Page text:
Why Firestopping?

Smoke and toxic gases claim more lives in fires than fire itself.  Though sprinkler systems can suppress flames, they often contribute to an even deadlier danger - smoking debris. Unless it’s contained, smoke will travel through a building at 120 - 420 feet per minute, devouring all breathable air.

The best way to answer “Why firestopping?’ is by looking at the statistics.*

• 75% of all fire deaths are caused by smoke inhalation.

• Over half of fire-related deaths occurred in rooms where the fire did not originate.

• Smoke can fill a 20 by 20 by 20 foot room through a pencil size hole in less than 4 minutes.

Firestopping came into its own in the late 1970s to help reduce the catastrophic loss of life and property caused by smoke and other airborne pathogens. It is especially critical in buildings where the mobility of tenants is restricted including hospitals, assisted living and nursing homes, high-rise buildings and prisons.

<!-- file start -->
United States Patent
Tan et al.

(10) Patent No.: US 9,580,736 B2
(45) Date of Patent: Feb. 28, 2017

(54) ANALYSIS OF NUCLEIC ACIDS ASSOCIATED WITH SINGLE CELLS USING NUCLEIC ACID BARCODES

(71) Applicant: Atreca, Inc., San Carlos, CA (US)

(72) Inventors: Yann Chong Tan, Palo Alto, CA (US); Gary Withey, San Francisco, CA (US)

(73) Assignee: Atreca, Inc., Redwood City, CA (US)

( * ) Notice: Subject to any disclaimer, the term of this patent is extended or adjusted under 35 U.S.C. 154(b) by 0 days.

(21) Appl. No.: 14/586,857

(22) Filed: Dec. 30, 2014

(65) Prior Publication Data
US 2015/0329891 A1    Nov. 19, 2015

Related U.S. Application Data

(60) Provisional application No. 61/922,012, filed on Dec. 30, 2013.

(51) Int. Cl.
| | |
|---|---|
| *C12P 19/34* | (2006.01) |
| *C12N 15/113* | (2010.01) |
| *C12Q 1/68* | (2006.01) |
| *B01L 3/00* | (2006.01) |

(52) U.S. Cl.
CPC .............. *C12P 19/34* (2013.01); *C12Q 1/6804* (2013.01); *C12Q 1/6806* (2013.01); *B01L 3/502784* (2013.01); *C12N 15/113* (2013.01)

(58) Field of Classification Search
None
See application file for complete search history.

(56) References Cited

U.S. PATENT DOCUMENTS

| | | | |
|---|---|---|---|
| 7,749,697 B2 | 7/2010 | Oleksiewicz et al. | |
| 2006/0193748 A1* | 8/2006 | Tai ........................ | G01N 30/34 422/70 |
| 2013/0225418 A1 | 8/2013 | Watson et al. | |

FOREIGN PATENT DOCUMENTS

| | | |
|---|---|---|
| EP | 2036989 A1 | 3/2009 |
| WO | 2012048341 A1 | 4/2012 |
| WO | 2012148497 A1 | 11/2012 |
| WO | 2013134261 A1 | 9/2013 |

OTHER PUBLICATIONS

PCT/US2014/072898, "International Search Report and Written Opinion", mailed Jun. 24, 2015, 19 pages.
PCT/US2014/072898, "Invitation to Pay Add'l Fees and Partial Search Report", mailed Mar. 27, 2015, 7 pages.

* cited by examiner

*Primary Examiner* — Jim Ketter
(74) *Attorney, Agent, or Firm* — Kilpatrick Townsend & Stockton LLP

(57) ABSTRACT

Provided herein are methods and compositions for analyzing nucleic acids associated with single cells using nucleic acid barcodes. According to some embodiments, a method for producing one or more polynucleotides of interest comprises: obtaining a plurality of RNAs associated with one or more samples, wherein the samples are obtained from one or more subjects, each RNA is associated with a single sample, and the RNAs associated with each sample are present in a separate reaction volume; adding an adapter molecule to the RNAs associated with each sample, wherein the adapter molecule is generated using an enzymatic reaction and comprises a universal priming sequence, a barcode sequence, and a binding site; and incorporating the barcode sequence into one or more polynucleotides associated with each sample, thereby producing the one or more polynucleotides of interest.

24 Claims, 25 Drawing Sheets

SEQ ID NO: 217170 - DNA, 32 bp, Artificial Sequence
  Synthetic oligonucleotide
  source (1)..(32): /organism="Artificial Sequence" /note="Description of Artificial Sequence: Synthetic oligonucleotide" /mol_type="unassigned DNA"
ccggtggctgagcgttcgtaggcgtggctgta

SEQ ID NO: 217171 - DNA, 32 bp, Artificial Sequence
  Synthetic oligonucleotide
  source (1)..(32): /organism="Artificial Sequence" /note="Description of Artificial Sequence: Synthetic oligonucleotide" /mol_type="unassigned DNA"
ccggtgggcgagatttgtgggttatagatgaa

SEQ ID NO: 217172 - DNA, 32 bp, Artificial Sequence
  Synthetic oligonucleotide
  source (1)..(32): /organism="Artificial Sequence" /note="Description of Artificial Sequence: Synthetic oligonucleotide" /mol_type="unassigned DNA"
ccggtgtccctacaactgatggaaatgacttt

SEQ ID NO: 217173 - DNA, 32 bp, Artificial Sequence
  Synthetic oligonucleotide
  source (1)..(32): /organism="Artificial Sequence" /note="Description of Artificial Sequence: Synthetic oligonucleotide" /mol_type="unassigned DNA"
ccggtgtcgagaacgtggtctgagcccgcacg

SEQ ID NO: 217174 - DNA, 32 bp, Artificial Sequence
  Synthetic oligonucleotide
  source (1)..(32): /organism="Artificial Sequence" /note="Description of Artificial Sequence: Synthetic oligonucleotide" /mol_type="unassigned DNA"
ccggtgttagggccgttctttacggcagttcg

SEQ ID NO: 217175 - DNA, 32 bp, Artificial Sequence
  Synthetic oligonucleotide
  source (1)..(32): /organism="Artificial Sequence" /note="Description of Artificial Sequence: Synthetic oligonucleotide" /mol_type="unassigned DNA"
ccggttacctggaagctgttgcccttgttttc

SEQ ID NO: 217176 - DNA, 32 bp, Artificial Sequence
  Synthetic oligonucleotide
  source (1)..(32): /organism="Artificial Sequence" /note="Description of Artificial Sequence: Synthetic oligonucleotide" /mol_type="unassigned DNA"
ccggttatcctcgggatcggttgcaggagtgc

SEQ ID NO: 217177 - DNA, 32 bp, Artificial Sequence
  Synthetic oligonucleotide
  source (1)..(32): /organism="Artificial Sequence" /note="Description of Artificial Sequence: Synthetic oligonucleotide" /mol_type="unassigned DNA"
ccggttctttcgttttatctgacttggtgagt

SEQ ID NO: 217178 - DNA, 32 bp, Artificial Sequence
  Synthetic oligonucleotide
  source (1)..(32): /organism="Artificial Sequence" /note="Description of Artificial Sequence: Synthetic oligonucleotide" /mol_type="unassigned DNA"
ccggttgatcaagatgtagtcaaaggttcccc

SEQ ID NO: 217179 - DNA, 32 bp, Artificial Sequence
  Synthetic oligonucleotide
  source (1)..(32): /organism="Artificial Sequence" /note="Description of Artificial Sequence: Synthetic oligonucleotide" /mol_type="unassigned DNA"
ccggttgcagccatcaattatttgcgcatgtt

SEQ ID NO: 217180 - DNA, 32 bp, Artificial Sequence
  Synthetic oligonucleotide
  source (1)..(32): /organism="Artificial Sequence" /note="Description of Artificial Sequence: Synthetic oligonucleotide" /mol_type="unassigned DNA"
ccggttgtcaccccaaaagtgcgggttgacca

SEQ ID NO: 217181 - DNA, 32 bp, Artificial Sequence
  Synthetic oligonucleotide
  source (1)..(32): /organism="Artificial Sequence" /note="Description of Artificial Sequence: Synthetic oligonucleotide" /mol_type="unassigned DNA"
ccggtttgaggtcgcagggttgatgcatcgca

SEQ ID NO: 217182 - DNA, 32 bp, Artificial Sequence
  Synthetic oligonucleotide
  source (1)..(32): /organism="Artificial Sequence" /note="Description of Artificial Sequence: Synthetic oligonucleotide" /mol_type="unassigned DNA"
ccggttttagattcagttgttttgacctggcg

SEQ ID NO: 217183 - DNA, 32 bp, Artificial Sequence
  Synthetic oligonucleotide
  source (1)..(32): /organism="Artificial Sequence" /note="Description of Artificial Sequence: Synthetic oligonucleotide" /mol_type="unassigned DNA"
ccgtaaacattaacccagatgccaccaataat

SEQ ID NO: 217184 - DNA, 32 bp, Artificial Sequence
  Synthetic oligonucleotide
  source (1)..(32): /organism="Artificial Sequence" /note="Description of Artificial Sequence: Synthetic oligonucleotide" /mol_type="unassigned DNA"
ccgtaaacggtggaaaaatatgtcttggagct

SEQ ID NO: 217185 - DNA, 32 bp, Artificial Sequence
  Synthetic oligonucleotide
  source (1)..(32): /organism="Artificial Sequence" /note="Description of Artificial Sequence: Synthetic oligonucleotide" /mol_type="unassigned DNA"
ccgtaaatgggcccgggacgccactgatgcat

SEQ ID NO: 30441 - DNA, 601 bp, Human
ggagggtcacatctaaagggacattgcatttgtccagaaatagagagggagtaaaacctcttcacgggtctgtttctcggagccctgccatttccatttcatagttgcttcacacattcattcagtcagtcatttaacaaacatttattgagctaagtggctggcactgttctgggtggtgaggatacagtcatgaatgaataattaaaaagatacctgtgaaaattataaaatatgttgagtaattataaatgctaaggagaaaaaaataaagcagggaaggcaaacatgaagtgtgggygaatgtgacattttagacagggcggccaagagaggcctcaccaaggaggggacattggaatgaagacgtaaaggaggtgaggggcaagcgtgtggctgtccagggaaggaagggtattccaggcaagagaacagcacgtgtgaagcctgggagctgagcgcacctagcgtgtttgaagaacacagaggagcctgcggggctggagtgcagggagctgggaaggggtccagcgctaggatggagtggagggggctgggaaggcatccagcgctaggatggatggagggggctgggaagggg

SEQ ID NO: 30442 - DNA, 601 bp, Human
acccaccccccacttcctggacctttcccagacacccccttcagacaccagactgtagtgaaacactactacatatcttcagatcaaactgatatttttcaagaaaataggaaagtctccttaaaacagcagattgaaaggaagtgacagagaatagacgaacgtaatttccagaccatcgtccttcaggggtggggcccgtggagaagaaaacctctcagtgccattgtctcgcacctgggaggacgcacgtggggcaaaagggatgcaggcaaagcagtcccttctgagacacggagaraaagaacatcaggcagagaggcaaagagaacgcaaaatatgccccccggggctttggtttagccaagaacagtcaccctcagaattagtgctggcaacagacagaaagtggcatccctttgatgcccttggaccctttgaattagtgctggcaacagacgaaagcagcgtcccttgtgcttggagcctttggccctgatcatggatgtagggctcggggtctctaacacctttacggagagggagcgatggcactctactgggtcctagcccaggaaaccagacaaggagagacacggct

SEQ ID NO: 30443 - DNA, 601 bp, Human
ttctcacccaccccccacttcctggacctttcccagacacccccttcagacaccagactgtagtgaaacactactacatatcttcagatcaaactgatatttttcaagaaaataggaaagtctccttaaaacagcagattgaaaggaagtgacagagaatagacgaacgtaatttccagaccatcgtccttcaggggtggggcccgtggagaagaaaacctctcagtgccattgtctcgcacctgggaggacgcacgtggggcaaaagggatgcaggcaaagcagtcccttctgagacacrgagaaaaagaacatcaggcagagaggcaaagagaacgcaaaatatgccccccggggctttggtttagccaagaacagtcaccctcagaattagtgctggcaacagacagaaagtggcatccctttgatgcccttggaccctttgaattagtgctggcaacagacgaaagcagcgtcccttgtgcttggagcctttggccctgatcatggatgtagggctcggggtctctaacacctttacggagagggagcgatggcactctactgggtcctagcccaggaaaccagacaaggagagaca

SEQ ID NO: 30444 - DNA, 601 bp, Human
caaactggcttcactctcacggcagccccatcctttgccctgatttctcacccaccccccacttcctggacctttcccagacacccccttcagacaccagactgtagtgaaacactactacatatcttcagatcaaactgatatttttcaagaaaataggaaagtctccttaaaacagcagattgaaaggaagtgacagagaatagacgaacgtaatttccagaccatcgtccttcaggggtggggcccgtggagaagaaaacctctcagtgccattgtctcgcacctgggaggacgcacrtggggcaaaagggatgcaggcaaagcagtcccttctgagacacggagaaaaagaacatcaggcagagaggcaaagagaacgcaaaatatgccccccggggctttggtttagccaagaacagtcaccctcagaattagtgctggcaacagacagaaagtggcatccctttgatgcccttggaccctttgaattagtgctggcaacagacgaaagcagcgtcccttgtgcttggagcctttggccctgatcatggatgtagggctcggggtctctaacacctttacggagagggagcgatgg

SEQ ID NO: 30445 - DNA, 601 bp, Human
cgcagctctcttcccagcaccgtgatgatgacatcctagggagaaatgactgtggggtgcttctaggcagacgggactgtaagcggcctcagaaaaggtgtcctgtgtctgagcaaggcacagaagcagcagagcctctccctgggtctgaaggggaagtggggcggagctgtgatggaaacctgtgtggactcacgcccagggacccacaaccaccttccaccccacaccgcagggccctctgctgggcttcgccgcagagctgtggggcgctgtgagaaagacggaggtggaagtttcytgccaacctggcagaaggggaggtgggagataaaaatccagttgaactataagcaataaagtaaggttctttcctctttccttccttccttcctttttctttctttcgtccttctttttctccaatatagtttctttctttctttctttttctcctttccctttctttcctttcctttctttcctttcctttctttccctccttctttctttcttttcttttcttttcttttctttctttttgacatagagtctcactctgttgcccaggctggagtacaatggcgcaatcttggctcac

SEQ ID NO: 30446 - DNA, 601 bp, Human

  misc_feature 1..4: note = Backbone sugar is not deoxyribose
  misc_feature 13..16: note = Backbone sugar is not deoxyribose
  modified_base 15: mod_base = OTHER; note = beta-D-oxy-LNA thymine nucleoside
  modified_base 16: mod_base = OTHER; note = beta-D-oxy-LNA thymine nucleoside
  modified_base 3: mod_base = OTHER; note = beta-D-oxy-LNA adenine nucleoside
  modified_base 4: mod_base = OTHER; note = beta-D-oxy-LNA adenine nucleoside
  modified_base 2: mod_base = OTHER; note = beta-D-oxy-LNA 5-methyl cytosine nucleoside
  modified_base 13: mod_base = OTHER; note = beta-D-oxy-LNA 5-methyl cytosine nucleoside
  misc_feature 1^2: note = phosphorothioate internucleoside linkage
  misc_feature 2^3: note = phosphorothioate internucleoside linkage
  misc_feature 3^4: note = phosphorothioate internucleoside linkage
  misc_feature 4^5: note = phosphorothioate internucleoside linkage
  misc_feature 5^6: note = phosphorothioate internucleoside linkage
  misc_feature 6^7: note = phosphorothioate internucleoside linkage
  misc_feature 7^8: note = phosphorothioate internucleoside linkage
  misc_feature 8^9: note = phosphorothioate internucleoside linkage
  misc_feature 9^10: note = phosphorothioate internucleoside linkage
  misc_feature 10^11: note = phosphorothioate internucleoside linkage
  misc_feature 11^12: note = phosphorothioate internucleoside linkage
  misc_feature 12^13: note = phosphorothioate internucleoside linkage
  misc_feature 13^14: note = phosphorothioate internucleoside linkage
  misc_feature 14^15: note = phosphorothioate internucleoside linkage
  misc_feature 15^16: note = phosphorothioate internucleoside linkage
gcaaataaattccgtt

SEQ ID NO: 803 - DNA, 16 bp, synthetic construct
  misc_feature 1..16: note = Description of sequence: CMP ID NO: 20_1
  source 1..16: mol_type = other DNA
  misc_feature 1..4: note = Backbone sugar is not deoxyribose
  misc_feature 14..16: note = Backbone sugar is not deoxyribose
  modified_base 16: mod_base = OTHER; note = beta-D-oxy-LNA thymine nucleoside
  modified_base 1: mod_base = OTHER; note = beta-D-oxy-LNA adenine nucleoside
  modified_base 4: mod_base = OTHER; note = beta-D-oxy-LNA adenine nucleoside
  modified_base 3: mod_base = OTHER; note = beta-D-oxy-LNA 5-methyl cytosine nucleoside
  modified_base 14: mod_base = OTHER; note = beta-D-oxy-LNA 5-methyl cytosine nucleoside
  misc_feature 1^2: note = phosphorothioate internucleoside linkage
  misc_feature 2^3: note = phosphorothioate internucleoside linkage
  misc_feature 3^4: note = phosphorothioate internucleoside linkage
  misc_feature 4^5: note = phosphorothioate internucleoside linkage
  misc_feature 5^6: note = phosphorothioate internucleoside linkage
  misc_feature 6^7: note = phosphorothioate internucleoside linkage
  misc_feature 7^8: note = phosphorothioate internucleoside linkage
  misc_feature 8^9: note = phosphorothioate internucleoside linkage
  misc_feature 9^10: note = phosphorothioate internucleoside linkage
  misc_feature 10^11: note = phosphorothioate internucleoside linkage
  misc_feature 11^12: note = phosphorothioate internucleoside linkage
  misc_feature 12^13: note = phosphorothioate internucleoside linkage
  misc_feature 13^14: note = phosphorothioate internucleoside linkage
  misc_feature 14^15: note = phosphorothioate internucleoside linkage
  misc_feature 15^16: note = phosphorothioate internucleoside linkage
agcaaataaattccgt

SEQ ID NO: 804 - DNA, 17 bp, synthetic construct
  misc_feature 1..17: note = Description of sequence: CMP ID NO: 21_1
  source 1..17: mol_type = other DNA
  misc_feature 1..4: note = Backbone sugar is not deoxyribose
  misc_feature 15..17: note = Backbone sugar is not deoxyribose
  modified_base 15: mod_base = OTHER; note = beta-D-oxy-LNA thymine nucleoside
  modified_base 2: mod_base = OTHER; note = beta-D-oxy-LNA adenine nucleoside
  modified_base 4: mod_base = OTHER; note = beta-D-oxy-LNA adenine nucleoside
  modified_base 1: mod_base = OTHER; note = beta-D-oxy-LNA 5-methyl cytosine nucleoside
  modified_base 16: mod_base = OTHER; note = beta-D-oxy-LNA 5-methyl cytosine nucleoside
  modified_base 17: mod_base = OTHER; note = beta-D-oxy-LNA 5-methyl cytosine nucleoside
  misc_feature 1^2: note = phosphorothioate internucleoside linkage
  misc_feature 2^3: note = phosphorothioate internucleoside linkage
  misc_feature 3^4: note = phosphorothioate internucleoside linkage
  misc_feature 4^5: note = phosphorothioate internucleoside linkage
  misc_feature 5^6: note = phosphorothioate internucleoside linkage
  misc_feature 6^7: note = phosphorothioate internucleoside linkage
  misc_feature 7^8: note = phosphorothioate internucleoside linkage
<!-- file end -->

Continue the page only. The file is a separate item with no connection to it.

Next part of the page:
In 1980, lack of firestopping technology contributed to the death toll at the MGM Grand fire. Although the fire started in a lower level kitchen, smoke infiltrated the high-rise tower eventually claiming 85 lives. Today firestopping is mandated for public safety and property loss management, and required by all model building codes.

* Statistics courtesy of the International Firestop Council

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